Rite of passage

Seaman Apprentice Birong

The U.S. ended military conscription in 1973. Prior to that, every young man, upon reaching the age of eighteen, was required to register for the draft (as they are to this day, by the way). And then, before the ink was dry on the registration form, each would be on his way to a boot camp somewhere. Of course, there would always be those who would manage to avoid this responsibility one way or another, temporarily if not completely, but most would eventually board a bus bound somewhere for a very short haircut.

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Romancing the bus

As I pointed out in an earlier essay of mine, I have never been a bus driver. Nevertheless, I have extensive busage experience. I rode a bus back and forth to school, I am estimating, a minimum of two hours per day, five days a week, over a period of about nine years of my young life, thus accounting for who knows how many total hours (feel free to do the math).

Those long rides, day in and day out, were pretty boring, so, along with most everyone else on board, I was always on the lookout for some activity to occupy my time. In retrospect, homework or reading would have been an obvious option. But my peers and I were far more likely to be socializing on these protracted trips. At some point, though, as a young teen whose frontal lobes were still largely vacuous, it occurred to me: Why not pursue a little romance? I mean, really, what better way to get to know an attractive co-ed than to sit down next to her at dark-thirty in the morning for some idle conversation?

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School busage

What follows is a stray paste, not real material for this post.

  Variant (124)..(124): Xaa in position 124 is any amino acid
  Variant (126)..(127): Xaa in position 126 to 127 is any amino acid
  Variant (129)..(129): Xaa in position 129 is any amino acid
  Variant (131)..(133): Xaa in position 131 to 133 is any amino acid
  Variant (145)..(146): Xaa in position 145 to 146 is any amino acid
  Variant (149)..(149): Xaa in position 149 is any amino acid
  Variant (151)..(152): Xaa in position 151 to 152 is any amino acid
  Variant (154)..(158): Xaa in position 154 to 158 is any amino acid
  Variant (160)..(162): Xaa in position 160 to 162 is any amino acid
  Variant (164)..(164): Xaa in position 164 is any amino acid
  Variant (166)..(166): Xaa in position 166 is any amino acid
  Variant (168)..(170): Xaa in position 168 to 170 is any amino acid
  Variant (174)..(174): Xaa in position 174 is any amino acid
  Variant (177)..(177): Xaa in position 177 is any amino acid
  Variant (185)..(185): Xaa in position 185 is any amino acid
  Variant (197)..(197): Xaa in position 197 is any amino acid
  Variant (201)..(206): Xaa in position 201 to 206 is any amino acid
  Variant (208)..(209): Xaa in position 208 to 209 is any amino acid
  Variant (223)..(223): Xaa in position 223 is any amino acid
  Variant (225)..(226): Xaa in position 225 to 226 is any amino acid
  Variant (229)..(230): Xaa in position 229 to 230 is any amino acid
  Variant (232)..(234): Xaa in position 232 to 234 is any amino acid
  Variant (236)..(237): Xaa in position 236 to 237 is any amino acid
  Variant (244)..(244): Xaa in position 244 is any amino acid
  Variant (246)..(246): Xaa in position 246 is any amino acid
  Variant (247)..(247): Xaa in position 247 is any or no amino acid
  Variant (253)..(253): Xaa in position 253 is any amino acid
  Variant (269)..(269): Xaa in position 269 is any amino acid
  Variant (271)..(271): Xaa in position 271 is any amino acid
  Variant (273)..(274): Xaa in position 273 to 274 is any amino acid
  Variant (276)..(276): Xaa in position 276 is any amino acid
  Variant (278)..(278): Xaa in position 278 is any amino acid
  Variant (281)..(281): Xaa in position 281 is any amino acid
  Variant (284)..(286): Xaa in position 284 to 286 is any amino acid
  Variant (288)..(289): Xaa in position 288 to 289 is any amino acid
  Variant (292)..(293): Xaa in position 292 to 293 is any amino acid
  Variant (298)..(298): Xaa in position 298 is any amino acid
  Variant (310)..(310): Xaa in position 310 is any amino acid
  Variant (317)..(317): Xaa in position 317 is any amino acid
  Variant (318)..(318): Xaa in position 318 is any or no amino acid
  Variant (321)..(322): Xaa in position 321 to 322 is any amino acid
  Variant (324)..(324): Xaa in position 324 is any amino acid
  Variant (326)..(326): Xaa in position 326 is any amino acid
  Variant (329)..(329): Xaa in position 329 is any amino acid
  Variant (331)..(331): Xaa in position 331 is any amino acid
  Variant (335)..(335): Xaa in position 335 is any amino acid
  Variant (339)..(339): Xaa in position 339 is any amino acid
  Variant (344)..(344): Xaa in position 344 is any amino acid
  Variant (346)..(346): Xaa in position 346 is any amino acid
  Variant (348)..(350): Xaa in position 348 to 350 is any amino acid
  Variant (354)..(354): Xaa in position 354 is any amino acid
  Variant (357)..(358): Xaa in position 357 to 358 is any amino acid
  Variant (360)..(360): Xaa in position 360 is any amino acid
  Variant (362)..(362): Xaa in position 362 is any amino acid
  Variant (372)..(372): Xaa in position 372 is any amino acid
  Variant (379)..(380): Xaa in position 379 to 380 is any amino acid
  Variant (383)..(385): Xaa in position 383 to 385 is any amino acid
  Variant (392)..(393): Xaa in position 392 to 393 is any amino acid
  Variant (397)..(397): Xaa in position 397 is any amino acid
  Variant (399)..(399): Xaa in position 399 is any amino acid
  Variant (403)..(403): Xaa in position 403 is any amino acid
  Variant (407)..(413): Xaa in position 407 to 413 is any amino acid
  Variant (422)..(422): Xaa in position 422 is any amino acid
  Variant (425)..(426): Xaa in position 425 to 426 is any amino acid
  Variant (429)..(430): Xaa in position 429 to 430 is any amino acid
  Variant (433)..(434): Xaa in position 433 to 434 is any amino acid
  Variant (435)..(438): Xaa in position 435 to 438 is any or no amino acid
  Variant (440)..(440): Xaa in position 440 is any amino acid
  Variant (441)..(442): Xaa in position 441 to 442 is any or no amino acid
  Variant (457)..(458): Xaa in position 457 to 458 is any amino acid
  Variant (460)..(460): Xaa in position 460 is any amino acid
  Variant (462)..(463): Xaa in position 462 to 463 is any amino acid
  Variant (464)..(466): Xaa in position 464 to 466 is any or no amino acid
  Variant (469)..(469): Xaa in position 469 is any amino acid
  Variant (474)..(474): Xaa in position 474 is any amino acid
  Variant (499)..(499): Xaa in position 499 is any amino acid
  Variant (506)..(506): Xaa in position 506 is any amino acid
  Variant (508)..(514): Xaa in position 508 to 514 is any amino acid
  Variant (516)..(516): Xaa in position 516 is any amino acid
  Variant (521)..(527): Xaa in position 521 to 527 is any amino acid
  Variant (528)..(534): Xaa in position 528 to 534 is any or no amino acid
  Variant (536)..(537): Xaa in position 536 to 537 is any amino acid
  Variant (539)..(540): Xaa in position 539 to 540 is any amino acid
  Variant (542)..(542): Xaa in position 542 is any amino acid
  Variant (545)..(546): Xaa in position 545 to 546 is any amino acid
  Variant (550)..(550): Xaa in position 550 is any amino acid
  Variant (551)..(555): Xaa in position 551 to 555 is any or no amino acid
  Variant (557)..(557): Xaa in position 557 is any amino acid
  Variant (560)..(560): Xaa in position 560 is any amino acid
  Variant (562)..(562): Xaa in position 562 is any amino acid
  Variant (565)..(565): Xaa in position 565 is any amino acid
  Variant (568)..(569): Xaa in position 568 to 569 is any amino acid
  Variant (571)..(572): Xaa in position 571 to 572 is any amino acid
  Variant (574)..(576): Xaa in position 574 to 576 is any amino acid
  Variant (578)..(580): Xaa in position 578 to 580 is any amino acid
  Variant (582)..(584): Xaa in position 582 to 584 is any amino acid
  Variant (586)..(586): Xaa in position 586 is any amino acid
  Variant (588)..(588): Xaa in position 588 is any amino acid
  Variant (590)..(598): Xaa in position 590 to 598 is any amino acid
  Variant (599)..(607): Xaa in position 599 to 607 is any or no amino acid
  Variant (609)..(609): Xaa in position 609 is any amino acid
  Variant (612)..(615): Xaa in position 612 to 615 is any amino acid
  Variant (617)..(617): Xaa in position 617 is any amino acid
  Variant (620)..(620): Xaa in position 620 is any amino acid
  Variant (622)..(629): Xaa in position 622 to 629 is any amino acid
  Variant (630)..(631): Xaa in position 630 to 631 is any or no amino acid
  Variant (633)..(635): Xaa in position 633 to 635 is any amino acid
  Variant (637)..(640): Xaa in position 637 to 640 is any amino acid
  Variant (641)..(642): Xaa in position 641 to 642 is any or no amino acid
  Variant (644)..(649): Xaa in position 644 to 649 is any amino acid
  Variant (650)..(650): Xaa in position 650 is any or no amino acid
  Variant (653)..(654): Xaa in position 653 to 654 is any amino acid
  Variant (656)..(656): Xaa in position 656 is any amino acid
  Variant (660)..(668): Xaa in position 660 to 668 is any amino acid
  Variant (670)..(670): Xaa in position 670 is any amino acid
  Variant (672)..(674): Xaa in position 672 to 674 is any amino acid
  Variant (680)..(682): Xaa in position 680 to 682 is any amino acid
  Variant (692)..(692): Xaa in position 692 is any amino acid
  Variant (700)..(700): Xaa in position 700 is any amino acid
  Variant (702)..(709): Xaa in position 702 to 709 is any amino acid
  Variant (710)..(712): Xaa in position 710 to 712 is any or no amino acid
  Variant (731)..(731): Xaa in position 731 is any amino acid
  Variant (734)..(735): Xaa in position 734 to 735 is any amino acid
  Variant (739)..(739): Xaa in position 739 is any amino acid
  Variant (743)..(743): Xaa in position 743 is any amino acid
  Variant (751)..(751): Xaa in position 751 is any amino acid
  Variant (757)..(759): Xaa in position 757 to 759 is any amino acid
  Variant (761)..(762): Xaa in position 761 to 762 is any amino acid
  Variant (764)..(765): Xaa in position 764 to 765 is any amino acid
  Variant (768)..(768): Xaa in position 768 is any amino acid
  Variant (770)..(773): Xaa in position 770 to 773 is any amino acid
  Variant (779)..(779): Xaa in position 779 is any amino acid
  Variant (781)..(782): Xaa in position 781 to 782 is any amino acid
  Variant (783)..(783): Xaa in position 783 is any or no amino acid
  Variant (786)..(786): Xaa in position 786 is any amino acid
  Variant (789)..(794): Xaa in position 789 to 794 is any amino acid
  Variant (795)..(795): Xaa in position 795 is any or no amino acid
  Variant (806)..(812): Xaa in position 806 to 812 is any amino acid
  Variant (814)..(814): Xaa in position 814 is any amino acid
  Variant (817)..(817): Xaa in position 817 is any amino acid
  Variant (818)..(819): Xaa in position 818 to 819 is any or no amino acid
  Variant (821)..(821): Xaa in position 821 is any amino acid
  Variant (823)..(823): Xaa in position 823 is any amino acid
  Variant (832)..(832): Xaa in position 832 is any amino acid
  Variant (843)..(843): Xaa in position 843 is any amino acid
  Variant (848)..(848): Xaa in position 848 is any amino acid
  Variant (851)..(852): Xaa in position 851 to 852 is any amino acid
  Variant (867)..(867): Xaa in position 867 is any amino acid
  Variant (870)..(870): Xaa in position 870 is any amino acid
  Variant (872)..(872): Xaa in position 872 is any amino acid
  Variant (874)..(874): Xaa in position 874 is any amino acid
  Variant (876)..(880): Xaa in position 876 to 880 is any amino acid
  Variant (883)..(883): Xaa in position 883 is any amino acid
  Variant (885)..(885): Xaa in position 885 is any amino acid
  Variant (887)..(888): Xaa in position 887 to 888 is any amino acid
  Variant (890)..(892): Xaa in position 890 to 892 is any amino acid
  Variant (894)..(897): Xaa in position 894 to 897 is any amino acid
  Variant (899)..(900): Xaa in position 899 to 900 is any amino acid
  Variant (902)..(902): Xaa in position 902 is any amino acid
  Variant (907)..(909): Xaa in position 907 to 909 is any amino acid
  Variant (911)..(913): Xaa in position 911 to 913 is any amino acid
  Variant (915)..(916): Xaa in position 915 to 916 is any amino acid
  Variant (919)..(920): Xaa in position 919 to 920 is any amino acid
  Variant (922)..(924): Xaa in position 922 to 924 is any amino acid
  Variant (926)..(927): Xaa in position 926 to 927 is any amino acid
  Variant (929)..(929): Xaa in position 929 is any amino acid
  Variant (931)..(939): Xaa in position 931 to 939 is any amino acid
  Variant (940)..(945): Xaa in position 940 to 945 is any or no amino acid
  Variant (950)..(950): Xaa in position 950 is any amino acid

Dave and his Cool Bus-with Fuji the artosauraus up there.

My dear friend, Dave, drives a bus for a school district in the great state of Washington. His kids, who ride with him every day, have come to refer to his vehicle as the “cool bus,” which comes as no surprise to those who know him. But Dave has rules for his kids, one of which is:

No explosives allowed!

 

 

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Against the grain

Have you ever tried to stroke a cat’s fur in the wrong direction? If so, you probably only did it once.

But such contrary action does not always result in undesirable consequences. For example, this past Saturday afternoon, while looking for BOGOs in the ice cream section of Publix, I noticed on my list that I had forgotten something located completely across the store in the bakery section. So, I wheeled my cart around and headed back, as it turned out, against the grain.

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Taking a deep breath

This past Tuesday evening, while perusing Apple News on my iPad, I stumbled upon a hyperventilating announcer ranting about President Trump and his dealings with CNN interviewer, Jim Acosta. I listened to about ten words and moved on to what seemed to be a more interesting headline only to be informed that since Melania Trump had harsh words for a certain staffer in the White House—omigosh, connect the dots—President Trump must be going to fire Mr. Kelly! (Chief of Staff)

And yada yada yada…

Distraught by all the negativity, I put my iPad down and turned on the TV to see if I might find a less wearisome distraction on YouTube or something.

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